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Møre og Romsdal
Dalsnibba; Blick auf Geiranger 2 Norwegen.JPG
Møre og Romsdal within Norway
Møre og Romsdal within Norway
Coordinates: 62°30?00?N 07°10?00?E / 62.50000°N 7.16667°E / 62.50000; 7.16667Coordinates: 62°30?00?N 07°10?00?E / 62.50000°N 7.16667°E / 62.50000; 7.16667
CountyMøre og Romsdal
RegionVestlandet and Central Norway
County IDNO-15
Administrative centreMolde
 o GovernorRigmor Brøste (acting)
 o County mayorJon Aasen
  Labour Party
 o Total14,355.62 km2 (5,542.74 sq mi)
 o Land13,958.40 km2 (5,389.37 sq mi)
 o Water510.94 km2 (197.28 sq mi)
Area rank#9 in Norway, 4.59% of Norway's land area
(30 September 2019)[2]
 o Total265,540
 o Rank#8 (5% of country)
 o Density18/km2 (48/sq mi)
 o Change (10 years)
Demonym(s)Møringer or Romsdalinger
Time zoneUTC+01:00 (CET)
 o Summer (DST)UTC+02:00 (CEST)
Official language formNynorsk[3]
Income (per capita)139,200 NOK
GDP (per capita)243,412 NOK (2001)
GDP national rank6 (3.89% of country)
Data from Statistics Norway

[4]Møre og Romsdal Urban East Norwegian: ['mø?:r? ? 'rmsd?:l] (English: Møre and Romsdal) is a county in the northernmost part of Western Norway. It borders the counties of Trøndelag, Innlandet, and Vestland. The county administration is located in the town of Molde, while Ålesund is the largest town. The county is governed by the Møre og Romsdal County Municipality which includes an elected county council and a county mayor. The national government is represented by the county governor (currently the acting governor is Rigmor Brøste).


Map of the three districts in the county. Green is Sunnmøre, purple is Romsdal, and blue is Nordmøre.

The name Møre og Romsdal was created in 1936. The first element refers to the districts of Nordmøre and Sunnmøre, and the last element refers to Romsdal. Until 1919, the county was called "Romsdalens amt", and from 1919-1935 "Møre fylke".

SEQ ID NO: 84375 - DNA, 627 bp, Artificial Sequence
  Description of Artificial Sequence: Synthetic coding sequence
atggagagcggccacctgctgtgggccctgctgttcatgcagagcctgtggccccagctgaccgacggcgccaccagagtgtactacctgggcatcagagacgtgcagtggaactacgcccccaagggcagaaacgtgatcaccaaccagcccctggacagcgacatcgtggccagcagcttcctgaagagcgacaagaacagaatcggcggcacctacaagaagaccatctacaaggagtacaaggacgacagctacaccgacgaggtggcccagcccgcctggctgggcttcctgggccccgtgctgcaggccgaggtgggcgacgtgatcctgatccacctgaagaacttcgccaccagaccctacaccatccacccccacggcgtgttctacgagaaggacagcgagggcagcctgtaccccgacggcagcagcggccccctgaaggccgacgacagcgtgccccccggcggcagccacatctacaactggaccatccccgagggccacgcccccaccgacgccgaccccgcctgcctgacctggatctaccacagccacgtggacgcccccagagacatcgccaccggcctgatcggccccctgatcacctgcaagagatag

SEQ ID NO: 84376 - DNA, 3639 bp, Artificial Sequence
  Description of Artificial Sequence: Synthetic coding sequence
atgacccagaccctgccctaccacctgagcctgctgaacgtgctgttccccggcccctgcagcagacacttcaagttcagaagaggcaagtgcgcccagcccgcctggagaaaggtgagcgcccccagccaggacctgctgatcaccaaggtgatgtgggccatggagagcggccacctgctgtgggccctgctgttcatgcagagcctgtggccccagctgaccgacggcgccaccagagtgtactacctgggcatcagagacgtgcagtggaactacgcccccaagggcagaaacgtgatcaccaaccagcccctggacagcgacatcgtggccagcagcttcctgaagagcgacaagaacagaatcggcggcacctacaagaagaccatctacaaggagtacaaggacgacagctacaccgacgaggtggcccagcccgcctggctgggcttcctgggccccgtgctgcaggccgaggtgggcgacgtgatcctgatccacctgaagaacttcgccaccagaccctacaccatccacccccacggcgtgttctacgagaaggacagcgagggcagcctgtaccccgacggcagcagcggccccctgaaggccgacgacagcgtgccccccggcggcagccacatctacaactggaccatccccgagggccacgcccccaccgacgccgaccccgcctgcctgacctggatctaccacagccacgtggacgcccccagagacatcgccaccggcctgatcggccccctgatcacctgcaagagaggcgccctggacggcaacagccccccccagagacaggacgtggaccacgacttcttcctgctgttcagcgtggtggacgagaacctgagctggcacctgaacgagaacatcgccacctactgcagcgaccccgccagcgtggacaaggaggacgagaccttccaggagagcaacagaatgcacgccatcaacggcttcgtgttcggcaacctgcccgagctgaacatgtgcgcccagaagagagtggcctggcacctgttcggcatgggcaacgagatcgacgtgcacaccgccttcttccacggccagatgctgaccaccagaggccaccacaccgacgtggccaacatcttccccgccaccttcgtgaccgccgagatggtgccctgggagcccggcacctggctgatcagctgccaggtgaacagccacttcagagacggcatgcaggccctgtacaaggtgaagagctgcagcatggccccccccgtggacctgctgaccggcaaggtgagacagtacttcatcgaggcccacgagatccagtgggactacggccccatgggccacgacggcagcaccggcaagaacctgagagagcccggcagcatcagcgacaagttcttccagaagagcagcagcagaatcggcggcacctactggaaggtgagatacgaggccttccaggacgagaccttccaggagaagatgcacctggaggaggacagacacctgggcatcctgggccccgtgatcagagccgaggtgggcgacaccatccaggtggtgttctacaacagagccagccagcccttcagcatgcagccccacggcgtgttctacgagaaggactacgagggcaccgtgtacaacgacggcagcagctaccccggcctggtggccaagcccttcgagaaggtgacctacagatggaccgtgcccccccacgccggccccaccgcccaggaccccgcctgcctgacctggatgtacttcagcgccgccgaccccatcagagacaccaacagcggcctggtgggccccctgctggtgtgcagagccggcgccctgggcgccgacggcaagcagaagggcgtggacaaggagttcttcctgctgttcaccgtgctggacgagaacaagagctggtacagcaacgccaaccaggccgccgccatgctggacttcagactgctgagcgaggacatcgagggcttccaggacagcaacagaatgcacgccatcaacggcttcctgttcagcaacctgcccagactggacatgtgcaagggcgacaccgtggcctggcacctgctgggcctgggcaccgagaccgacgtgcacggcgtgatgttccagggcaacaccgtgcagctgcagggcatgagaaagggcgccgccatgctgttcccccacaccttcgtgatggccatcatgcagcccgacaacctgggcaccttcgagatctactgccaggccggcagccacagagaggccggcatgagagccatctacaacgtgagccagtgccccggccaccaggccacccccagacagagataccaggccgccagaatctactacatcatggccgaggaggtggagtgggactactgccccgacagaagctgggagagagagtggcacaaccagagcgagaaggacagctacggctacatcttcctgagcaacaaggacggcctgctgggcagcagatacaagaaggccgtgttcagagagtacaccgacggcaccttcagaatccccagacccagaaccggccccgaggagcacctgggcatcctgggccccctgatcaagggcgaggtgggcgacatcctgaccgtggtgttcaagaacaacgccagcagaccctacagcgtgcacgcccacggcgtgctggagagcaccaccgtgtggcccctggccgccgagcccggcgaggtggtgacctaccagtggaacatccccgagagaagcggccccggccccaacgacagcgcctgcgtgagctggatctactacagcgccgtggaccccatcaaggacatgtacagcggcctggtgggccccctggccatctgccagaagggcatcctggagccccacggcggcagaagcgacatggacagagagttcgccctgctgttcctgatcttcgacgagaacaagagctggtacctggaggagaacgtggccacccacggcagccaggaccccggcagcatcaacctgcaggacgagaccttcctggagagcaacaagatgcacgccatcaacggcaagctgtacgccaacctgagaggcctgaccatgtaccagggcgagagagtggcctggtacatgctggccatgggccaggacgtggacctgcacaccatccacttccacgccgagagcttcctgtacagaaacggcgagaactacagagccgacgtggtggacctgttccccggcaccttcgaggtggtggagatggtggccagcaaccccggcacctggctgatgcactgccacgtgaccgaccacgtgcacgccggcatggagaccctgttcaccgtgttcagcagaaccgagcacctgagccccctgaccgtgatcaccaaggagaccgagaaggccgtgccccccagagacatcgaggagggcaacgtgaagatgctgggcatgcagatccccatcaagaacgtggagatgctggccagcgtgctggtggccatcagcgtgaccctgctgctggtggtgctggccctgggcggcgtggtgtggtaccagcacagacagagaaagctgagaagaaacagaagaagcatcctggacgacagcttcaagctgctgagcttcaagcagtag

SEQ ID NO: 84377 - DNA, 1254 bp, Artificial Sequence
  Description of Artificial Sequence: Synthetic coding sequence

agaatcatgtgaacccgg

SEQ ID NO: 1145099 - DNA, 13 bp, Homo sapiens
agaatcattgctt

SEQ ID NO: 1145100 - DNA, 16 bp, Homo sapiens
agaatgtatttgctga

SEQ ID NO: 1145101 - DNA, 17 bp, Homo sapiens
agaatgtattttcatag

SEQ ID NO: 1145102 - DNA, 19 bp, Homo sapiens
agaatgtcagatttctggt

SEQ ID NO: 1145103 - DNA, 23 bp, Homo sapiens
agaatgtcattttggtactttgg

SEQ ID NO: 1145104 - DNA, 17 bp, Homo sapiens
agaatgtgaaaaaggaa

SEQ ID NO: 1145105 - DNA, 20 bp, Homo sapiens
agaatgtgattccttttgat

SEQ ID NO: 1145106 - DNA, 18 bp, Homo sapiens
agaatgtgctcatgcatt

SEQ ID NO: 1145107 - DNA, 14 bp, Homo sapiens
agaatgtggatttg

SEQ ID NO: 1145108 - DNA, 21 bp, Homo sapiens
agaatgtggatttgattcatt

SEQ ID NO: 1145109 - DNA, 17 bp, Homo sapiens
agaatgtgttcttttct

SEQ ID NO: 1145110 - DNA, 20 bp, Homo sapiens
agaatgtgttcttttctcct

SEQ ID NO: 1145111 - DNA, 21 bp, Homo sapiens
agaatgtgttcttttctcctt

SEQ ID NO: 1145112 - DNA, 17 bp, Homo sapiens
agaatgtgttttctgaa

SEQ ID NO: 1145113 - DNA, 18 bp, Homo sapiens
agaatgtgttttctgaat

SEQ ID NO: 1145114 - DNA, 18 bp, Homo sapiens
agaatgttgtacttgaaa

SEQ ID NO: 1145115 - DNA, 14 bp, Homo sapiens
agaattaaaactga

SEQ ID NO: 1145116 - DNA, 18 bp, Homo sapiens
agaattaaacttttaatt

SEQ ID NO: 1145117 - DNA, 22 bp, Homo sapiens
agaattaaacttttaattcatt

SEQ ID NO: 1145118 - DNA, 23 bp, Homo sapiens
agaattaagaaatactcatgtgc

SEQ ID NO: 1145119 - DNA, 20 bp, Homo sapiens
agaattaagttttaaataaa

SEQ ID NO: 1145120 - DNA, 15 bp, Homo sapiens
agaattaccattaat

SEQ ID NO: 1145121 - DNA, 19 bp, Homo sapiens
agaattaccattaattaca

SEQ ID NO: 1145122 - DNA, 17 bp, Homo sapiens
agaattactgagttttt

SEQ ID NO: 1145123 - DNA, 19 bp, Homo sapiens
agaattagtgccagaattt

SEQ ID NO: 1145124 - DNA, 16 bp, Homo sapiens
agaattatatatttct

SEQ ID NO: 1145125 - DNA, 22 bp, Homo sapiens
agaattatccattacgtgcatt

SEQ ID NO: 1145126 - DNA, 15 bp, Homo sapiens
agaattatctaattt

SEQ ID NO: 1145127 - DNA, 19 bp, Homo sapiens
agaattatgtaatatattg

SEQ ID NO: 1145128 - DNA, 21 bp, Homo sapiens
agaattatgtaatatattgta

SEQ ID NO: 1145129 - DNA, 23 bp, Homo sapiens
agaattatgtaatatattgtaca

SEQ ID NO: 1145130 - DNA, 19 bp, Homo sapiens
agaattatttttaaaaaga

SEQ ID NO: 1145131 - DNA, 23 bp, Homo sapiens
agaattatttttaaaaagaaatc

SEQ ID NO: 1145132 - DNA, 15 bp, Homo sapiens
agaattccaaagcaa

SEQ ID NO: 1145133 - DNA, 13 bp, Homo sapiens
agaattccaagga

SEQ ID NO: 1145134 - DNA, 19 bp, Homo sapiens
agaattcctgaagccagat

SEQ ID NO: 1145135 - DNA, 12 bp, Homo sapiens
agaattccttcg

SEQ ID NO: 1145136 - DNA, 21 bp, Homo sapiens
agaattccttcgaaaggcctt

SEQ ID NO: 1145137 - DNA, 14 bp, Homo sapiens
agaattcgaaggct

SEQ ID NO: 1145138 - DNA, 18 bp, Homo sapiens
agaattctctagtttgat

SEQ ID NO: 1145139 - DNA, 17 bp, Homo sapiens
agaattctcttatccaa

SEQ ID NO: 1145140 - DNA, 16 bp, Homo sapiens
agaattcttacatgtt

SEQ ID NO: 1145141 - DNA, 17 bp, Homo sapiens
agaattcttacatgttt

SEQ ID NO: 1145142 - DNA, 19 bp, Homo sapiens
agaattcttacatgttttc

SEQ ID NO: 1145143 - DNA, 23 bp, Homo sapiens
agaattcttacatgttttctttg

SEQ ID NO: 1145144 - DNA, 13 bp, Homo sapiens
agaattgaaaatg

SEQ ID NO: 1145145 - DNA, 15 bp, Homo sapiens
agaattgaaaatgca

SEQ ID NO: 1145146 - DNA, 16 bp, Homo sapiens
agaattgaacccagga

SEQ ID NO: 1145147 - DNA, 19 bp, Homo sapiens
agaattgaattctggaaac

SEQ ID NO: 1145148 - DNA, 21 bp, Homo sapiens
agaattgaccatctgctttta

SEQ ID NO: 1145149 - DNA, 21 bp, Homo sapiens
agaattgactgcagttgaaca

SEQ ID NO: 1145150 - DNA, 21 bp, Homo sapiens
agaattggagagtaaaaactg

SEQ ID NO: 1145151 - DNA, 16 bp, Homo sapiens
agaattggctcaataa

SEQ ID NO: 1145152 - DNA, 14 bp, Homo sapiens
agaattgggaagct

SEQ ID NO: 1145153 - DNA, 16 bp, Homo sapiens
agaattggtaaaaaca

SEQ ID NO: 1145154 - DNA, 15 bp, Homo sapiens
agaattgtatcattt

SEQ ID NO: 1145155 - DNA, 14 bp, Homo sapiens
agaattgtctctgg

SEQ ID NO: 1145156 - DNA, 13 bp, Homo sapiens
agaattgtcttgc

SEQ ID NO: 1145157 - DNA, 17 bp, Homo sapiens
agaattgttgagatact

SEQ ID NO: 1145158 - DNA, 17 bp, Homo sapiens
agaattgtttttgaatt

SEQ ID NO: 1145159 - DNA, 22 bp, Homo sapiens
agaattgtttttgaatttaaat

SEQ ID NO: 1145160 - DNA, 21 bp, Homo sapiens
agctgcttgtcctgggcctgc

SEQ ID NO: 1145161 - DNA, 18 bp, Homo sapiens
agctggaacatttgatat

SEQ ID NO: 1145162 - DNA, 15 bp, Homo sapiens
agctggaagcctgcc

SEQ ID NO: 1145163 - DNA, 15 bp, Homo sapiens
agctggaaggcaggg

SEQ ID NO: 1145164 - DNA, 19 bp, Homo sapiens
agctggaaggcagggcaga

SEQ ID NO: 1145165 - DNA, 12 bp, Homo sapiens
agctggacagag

For hundreds of years (1660-1919), the region was called Romsdalen amt, after the Romsdalen valley in the present-day Rauma Municipality. The Old Norse form of the name was Raumsdalr. The first element is the genitive case of a name Raumr derived from the name of the river Rauma, i.e. "The Dale of Rauma". Raumr may refer to stream or current,[5] or to booming or thundering waterfalls like Sletta waterfall.[6] The name may also refer to Raum the Old, one of the sons of Nór, the eponymous Saga King of Norway.[][disputed ] Since the majority of the residents of the county lived in the Sunnmøre region, there was some controversy over the name. In 1919, many of the old county names were changed and this county was renamed Møre fylke.

The name Møre was chosen to represent the region where the majority of the county residents lived. That name is dative of Old Norse: Mærr and it is probably derived from the word marr referring to something wet like bog (common along the outer coast) or the sea itself. The name is interpreted as "coastland" or "bogland". Møre was originally the name of the coastal area from Stad and north including most of Fosen.[7] (There is also a coastal district in Sweden that has the same name: Möre.) The change in name from Romsdalen to Møre was controversial and it did not sit well with the residents of the Romsdal region. Finally in 1936, the name was changed again to a compromise name: Møre og Romsdal (English: Møre and Romsdal).

The ambiguous designation møring—"person from Møre"—is used strictly about people from Nordmøre (and less frequently for people from Sunnmøre), excluding the people from Romsdal (while, consequently, romsdaling—"person from Romsdal"— is used about the latter).

Coat of arms

The coat of arms was granted on 15 March 1978. It shows three gold-colored Viking ships on a blue background. Shipping and shipbuilding were historically very important to the region, so boats were chosen as the symbol on the arms. The masts on the Viking ships form crosses, which symbolize the strong Christian and religious beliefs as well as the strong religious organisations in the county. There are three boats to represent the three districts of the county: Sunnmøre, Romsdal and Nordmøre.[8]